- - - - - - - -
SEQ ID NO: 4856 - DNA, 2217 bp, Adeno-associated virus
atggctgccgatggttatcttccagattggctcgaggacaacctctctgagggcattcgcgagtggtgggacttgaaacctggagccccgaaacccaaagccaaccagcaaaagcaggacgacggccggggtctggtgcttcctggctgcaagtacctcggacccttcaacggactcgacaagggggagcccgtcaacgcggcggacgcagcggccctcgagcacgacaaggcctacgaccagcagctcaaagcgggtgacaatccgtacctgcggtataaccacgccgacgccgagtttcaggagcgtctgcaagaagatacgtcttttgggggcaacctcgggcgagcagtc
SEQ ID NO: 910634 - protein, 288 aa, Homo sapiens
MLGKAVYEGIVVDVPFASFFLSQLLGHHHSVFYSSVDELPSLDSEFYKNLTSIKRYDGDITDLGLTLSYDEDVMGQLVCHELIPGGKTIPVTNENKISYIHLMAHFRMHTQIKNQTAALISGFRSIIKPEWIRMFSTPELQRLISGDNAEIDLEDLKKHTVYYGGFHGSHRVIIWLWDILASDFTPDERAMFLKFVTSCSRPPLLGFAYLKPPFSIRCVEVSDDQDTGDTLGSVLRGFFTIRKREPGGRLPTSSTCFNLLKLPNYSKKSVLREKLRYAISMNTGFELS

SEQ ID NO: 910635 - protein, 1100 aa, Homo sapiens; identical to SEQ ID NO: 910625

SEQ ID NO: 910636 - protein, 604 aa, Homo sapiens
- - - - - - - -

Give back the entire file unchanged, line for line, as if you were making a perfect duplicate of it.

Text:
SEQ ID NO: 4856 - DNA, 2217 bp, Adeno-associated virus
atggctgccgatggttatcttccagattggctcgaggacaacctctctgagggcattcgcgagtggtgggacttgaaacctggagccccgaaacccaaagccaaccagcaaaagcaggacgacggccggggtctggtgcttcctggctgcaagtacctcggacccttcaacggactcgacaagggggagcccgtcaacgcggcggacgcagcggccctcgagcacgacaaggcctacgaccagcagctcaaagcgggtgacaatccgtacctgcggtataaccacgccgacgccgagtttcaggagcgtctgcaagaagatacgtcttttgggggcaacctcgggcgagcagtc
SEQ ID NO: 910634 - protein, 288 aa, Homo sapiens
MLGKAVYEGIVVDVPFASFFLSQLLGHHHSVFYSSVDELPSLDSEFYKNLTSIKRYDGDITDLGLTLSYDEDVMGQLVCHELIPGGKTIPVTNENKISYIHLMAHFRMHTQIKNQTAALISGFRSIIKPEWIRMFSTPELQRLISGDNAEIDLEDLKKHTVYYGGFHGSHRVIIWLWDILASDFTPDERAMFLKFVTSCSRPPLLGFAYLKPPFSIRCVEVSDDQDTGDTLGSVLRGFFTIRKREPGGRLPTSSTCFNLLKLPNYSKKSVLREKLRYAISMNTGFELS

SEQ ID NO: 910635 - protein, 1100 aa, Homo sapiens; identical to SEQ ID NO: 910625

SEQ ID NO: 910636 - protein, 604 aa, Homo sapiens